COP28: King Charles’s rallying cry to save the planet - The Standard podcast


King Charles has issued a rallying cry to world leaders at COP28 to save the planet.

In his opening speech he made reference to the extreme weather events we’ve seen this year; wildfires in Canada, droughts in East Africa and flooding in India, and called on leaders to take notice of the “dangerous feedback loops” climate scientists have been warning about for decades.

The King also said $4.5-5 trillion is required each year to “drive the transformation we need” and ended his speech with the words “the earth does not belong to us, we belong to the earth”.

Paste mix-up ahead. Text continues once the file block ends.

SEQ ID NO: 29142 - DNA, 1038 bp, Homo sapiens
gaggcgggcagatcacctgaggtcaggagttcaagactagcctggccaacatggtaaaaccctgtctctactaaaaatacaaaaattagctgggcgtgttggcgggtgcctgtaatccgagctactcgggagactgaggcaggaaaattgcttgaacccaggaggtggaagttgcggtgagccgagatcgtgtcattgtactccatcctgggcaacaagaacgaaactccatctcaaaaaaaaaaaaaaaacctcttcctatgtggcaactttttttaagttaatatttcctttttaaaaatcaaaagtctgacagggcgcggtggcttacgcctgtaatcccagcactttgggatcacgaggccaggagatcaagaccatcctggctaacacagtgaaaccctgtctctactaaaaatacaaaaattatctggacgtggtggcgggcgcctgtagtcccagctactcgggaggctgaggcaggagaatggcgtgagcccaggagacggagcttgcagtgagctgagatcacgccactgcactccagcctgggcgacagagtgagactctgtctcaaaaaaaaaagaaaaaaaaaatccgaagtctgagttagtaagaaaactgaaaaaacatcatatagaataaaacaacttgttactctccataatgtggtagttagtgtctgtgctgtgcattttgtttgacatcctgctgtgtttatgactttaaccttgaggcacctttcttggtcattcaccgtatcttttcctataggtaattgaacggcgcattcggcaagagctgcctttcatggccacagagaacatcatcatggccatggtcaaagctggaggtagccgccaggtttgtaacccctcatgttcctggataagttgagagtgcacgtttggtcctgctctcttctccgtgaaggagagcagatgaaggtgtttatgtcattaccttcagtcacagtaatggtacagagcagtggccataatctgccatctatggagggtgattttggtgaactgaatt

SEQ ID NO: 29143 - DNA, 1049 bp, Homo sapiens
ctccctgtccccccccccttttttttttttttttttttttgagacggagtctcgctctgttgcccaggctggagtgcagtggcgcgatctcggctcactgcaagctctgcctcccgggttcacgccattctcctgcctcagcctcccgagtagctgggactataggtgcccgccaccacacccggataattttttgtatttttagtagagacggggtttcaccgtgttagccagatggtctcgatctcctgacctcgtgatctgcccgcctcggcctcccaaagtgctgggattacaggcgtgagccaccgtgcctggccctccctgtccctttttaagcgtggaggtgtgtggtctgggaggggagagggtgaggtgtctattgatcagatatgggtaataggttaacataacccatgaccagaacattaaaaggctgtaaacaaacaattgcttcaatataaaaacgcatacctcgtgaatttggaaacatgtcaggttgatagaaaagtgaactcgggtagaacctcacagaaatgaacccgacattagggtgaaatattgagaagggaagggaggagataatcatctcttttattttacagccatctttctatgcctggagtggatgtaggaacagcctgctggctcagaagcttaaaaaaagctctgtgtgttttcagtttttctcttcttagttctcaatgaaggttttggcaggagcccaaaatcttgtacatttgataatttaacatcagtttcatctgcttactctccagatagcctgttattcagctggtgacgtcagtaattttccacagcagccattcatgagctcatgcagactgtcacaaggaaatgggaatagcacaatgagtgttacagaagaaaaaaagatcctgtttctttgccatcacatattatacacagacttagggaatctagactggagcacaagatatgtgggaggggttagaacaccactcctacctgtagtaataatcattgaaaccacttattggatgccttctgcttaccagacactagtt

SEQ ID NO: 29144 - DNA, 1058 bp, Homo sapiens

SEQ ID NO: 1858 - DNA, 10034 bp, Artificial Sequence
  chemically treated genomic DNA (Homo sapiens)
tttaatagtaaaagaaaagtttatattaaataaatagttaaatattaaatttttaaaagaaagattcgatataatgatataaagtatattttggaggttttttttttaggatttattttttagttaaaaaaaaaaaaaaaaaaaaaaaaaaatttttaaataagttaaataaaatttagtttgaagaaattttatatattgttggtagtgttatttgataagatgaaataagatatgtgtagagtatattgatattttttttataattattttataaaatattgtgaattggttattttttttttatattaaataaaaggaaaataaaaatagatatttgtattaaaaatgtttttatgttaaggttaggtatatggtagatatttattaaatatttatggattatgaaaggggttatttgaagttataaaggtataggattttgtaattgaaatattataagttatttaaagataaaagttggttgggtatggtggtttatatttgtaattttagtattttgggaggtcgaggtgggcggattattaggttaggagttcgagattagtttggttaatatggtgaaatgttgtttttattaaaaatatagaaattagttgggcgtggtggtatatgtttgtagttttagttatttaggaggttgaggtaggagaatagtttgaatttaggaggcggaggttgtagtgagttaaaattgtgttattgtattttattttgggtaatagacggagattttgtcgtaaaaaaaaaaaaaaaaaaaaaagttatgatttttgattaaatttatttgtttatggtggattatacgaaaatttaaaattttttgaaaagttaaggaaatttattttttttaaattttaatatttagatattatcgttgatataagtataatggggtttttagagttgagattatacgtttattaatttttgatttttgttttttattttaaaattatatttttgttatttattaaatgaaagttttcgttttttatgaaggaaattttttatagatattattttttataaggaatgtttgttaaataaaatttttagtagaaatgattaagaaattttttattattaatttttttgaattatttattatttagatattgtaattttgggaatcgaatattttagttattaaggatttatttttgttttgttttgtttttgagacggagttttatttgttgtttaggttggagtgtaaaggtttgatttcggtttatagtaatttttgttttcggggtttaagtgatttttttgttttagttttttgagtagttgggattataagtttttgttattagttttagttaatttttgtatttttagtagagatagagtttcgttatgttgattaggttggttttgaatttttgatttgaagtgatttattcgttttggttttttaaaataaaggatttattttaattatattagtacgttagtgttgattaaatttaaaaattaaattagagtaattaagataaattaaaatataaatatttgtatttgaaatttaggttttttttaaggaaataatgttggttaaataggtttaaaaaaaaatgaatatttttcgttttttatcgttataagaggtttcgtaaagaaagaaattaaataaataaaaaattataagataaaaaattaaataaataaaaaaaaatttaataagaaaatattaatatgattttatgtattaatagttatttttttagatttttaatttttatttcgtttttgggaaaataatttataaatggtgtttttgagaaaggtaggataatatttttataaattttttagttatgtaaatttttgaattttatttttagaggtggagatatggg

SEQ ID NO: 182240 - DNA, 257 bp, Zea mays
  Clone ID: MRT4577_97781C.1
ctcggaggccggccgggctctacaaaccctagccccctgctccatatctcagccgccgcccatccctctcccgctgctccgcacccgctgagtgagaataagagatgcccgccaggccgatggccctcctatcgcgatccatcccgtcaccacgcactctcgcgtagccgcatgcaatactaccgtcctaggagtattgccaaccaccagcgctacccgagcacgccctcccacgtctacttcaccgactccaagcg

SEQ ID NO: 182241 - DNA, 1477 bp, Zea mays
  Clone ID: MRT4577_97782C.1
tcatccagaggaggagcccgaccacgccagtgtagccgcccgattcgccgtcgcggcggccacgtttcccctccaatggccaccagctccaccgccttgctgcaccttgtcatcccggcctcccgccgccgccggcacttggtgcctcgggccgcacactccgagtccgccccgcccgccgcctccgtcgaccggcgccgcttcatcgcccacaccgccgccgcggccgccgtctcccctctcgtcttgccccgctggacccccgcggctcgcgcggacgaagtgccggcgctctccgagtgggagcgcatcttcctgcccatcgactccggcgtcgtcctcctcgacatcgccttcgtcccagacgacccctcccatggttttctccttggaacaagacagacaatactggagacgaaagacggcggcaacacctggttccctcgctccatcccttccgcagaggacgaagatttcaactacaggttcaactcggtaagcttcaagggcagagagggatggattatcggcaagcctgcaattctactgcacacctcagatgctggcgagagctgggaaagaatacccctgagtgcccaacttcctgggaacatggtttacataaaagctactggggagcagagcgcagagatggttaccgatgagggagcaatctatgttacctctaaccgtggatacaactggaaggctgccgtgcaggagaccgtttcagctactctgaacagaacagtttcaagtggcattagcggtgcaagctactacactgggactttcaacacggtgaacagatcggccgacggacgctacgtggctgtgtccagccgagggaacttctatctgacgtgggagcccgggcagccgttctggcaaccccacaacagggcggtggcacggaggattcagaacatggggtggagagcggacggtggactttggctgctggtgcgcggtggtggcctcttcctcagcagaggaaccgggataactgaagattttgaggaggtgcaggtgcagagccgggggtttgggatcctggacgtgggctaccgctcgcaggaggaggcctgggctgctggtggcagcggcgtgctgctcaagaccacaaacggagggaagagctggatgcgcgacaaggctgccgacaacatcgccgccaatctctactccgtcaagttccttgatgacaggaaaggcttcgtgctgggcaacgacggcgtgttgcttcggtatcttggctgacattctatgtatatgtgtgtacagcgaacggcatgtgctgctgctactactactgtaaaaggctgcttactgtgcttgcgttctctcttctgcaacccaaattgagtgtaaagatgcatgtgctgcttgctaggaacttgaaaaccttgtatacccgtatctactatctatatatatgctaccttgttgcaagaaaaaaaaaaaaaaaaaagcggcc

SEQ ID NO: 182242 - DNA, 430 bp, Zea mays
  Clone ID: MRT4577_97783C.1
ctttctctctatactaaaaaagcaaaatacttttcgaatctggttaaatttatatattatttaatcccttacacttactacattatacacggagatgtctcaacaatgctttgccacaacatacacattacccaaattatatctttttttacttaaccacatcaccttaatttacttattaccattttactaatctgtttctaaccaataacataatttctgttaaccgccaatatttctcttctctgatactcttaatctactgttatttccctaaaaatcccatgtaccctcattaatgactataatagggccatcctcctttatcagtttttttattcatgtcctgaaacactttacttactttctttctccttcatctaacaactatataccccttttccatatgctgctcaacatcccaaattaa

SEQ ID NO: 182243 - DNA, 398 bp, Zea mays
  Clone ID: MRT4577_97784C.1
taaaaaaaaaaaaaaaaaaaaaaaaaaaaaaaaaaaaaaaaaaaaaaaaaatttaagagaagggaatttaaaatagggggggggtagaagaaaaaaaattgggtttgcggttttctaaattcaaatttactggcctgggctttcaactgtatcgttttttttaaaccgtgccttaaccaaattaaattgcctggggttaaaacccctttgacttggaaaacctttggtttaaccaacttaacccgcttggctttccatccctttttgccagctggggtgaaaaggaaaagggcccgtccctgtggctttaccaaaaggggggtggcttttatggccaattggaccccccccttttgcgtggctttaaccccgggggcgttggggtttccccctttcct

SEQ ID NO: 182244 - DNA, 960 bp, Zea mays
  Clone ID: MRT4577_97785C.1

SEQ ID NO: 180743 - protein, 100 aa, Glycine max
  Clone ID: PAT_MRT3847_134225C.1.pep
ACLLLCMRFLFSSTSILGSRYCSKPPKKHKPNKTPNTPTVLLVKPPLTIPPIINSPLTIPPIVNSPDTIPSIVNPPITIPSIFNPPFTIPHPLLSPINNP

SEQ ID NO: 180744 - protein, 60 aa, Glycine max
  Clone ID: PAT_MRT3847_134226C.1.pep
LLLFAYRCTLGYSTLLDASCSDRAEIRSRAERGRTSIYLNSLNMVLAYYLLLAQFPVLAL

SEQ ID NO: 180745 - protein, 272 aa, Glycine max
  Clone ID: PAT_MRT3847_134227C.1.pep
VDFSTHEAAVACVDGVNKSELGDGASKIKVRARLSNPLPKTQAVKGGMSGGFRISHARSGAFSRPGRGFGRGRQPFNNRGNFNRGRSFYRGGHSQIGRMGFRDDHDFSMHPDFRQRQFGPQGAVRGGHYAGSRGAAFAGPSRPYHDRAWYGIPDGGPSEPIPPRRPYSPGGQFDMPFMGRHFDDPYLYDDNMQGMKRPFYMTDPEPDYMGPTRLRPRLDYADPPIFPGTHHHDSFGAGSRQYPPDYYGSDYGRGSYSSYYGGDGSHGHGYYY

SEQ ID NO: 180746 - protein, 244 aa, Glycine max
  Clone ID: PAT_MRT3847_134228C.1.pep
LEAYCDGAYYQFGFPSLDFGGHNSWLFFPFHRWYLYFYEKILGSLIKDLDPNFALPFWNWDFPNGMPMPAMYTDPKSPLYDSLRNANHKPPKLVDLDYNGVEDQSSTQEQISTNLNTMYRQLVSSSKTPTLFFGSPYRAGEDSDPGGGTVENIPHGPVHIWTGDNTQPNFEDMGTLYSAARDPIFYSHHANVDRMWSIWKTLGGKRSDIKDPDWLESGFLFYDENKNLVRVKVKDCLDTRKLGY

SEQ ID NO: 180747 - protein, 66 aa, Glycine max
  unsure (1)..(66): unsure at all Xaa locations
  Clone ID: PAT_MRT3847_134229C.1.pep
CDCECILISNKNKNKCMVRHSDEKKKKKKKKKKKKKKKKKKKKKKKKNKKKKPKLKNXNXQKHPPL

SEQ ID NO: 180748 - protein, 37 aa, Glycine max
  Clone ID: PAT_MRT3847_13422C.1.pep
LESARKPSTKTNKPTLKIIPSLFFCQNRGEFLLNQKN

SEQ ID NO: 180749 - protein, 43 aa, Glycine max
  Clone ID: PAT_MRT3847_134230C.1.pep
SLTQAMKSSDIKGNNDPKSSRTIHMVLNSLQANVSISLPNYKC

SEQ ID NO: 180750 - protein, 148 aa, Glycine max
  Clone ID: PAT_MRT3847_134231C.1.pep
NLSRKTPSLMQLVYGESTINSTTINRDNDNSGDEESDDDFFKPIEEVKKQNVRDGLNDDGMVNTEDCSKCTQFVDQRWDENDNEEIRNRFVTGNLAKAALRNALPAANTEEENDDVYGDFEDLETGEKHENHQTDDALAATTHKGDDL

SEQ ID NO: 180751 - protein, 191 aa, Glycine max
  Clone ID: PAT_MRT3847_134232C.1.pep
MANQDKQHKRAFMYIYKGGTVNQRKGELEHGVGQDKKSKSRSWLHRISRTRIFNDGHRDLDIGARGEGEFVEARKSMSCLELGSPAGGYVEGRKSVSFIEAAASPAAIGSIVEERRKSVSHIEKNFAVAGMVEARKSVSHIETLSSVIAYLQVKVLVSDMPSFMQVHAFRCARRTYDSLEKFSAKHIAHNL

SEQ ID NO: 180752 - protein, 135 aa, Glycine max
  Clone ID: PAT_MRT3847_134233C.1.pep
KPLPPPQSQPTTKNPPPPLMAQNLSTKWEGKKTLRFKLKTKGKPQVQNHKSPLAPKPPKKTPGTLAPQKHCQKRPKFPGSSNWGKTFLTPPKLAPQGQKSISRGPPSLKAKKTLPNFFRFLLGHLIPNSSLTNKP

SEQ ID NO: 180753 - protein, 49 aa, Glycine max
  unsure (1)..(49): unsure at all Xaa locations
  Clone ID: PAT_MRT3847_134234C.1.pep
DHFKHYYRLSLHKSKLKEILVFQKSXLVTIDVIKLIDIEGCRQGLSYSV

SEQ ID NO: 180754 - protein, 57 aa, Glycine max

His opening speech came with the backdrop of the saga around Omid Scobie’s new book about the royals, but it appears King Charles is focused on his life-long mission to raise awareness of climate change and the harm it's causing to the natural world.

Omid Scobie has denied naming any members of the royal family, claiming a “translation error” was to blame for the names being published in the Dutch version of his book.

In this episode of The Standard podcast, Royal Editor Robert Jobson discusses King Charles’s heritage as an environmentalist, and comments on the saga around Omid Scobie’s book.

In part two of this episode, the Standard’s Political Editor Nicholas Cecil explains some of the key points from the King’s speech, and where the UK stands in the mission to tackle climate change.

To hear the full podcast, listen above, find us on Apple, Spotify or wherever you stream your podcasts.